Purpose: To introduce a mapping method to characterize large dentin surfaces using digital microscopy and to discuss the advantages and possible applications of the method.
Materials and Methods: Twenty unerupted third molars were sectioned transversally exposing coronal dentin surfaces. The microscopic mosaic method was used to generate a large field image with the resolution necessary to measure characteristics of dentin tubules. The AxioVision 4.7 software was used to control a motorized optical microscope and the process of acquiring approximately 400 small images to generate each dentin mosaic. An image analysis routine measured the number of tubules (NT) and the ratio between the total area of tubules and the area of the mosaic - the area fraction (AF) - of each mosaic. An automatic procedure transformed the mosaic image into a color map, providing a direct visual representation of tubule density through colors. The dentin maps were used for a comparative qualitative analysis of tubule density distribution of each sample.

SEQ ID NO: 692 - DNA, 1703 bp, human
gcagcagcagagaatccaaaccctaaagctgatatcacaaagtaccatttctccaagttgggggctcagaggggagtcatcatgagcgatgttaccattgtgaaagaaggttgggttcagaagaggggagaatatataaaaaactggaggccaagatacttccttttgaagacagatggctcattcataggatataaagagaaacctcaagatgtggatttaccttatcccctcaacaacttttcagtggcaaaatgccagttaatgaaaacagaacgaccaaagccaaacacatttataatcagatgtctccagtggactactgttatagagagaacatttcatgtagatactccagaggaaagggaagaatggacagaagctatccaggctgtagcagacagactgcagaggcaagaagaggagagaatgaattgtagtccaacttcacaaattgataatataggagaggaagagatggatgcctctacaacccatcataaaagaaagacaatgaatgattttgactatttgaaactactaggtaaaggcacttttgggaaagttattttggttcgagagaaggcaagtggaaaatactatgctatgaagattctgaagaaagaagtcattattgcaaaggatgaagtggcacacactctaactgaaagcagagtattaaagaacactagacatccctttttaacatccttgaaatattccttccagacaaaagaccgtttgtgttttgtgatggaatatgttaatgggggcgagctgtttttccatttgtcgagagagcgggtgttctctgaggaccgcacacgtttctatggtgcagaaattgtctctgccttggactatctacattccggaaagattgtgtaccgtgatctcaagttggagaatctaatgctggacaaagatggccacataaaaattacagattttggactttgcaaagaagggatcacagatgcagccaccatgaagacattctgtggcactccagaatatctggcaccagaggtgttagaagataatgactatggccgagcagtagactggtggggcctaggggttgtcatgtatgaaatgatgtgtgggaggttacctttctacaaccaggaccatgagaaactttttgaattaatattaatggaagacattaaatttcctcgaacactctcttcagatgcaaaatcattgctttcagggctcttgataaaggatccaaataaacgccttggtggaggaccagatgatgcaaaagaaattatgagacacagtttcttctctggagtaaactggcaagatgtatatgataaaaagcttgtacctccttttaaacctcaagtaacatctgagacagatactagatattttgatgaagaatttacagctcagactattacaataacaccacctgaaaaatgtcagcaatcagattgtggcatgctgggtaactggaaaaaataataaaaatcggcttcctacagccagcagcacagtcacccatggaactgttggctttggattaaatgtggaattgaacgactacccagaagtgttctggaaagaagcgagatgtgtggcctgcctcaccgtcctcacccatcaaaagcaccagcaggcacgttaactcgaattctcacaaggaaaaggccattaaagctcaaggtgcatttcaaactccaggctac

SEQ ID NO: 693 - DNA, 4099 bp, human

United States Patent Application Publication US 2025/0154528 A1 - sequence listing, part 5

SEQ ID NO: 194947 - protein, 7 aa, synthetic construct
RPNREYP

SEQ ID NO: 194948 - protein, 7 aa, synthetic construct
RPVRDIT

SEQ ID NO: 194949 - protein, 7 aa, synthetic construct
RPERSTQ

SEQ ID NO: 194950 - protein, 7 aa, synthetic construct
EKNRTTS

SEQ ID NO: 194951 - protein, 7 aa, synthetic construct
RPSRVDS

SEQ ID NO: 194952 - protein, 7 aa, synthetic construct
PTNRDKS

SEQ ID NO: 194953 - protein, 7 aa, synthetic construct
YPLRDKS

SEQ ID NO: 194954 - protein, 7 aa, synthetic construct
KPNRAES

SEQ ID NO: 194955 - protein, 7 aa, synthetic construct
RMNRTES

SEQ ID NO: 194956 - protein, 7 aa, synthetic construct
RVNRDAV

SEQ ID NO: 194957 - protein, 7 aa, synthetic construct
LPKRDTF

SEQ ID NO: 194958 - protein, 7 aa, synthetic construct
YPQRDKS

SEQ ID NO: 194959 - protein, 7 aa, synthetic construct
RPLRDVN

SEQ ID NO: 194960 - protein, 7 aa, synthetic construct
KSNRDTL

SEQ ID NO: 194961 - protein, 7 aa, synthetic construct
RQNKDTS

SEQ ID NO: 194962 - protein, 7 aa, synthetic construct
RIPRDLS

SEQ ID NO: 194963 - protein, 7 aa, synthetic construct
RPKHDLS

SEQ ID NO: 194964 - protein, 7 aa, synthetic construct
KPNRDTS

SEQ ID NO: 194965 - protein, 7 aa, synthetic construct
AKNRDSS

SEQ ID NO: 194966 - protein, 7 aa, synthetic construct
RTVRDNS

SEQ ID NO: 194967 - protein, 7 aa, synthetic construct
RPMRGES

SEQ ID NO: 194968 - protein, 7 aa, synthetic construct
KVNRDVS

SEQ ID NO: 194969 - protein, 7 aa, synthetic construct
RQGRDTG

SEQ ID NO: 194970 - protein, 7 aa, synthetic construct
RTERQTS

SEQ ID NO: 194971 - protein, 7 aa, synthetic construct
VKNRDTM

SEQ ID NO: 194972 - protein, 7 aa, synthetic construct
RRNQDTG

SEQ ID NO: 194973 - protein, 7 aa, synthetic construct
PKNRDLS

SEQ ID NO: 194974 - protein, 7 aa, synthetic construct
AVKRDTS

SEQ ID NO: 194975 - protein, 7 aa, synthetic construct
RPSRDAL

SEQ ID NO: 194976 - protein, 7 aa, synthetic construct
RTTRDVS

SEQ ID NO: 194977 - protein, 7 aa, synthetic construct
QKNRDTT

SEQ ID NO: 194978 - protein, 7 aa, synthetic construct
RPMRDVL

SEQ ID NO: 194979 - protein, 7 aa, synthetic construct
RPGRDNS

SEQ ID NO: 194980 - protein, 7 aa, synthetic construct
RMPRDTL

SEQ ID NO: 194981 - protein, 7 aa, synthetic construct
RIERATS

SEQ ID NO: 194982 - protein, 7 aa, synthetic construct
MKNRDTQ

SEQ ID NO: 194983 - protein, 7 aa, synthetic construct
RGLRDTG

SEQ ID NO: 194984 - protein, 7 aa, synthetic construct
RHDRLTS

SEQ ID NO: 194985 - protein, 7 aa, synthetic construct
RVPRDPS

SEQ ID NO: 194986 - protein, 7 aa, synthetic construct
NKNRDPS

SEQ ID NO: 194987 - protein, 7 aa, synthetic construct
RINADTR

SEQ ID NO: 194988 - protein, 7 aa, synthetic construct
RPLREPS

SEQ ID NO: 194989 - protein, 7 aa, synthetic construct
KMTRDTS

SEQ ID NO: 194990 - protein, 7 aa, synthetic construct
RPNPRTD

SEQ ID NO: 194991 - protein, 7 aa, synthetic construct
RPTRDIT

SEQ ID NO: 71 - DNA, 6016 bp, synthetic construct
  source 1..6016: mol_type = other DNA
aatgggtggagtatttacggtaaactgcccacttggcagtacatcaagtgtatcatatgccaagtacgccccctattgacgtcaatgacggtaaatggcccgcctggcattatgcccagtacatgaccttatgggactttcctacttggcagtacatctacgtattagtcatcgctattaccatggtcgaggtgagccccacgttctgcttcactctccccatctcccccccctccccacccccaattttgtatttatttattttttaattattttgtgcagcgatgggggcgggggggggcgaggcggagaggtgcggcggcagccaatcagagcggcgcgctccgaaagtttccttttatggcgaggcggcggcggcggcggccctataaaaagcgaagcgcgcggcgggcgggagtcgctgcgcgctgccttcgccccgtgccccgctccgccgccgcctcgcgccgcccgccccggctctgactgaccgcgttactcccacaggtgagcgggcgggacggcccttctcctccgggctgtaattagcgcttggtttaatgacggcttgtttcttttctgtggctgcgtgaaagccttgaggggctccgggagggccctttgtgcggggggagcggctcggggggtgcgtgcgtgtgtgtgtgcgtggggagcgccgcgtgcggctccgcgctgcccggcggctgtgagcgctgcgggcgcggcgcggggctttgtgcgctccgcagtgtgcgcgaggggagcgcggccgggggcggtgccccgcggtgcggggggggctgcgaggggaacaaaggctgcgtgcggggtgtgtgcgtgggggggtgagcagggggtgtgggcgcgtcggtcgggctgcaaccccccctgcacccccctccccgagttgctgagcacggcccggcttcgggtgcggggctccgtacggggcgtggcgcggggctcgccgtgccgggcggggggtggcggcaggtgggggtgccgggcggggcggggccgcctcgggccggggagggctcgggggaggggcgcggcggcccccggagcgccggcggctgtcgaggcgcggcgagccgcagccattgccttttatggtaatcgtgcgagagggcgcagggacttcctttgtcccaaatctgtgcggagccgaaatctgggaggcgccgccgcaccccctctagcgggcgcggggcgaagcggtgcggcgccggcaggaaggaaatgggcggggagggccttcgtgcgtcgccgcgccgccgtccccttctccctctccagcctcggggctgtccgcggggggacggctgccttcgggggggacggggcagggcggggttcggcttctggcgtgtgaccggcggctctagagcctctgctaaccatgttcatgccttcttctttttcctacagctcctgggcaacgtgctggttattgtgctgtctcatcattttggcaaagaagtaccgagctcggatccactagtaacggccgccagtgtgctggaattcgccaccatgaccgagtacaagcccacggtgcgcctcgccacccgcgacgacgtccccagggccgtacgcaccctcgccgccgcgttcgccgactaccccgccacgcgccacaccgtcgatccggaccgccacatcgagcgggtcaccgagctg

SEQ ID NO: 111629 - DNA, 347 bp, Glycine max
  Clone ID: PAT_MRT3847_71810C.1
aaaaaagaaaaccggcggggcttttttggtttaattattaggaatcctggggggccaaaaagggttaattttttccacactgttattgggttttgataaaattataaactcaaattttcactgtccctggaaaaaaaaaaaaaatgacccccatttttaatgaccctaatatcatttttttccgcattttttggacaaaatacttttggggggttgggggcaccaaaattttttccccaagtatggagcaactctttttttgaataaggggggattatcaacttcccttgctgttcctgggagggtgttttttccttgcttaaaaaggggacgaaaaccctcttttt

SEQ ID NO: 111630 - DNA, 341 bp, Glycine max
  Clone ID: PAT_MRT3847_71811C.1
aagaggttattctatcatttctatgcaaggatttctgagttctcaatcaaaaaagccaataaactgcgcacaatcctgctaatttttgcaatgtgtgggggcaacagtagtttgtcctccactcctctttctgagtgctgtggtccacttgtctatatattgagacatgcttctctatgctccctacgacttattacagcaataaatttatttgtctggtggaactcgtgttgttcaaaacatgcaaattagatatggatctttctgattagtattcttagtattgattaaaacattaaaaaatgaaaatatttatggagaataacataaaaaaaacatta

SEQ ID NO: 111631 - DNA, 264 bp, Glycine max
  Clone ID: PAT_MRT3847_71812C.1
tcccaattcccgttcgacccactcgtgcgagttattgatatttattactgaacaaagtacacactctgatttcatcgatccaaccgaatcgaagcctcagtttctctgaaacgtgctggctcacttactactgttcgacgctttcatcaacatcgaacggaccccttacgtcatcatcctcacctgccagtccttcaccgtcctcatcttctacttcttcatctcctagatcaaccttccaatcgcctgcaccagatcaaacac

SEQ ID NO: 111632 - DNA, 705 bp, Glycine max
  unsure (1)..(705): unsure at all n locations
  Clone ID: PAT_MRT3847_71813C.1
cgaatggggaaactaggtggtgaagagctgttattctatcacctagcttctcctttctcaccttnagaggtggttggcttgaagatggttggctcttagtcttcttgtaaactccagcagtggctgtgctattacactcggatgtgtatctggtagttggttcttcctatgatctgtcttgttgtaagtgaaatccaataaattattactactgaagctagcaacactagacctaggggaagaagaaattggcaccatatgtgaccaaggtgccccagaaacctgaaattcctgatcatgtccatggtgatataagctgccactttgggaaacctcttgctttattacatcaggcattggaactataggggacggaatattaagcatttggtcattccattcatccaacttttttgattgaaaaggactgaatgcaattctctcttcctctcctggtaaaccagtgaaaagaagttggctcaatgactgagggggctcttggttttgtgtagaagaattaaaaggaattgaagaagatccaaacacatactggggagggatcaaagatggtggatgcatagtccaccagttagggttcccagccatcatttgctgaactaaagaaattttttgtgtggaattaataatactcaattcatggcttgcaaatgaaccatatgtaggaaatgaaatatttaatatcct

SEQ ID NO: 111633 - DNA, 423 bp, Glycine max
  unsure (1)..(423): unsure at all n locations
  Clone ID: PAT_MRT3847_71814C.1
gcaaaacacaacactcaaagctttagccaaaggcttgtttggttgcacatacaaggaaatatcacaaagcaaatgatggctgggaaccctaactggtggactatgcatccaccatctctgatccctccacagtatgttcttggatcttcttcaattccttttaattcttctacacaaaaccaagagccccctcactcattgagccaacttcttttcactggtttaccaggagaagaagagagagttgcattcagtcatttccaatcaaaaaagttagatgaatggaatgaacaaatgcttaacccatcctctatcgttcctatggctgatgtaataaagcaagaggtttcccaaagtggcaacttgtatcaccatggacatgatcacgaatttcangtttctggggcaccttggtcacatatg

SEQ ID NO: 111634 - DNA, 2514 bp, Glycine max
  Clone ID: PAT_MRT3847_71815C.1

Results: The results for NT (92450 to 196029 tubules/sample) and AF (4.12% to 11.10%) demonstrated a wide variation among dentin samples. The maps confirmed the microstructure variety, also revealing strong local variations in tubule density within each sample.
Conclusion: The mapping method was able to perform dentin morphology characterization and is a valuable tool for producing a baseline for dentin adhesion studies. The method could be also useful in determining the real contribution of dentin structures to the final adhesion quality.
Keywords: adhesion, digital microscopy, image analysis, dentin map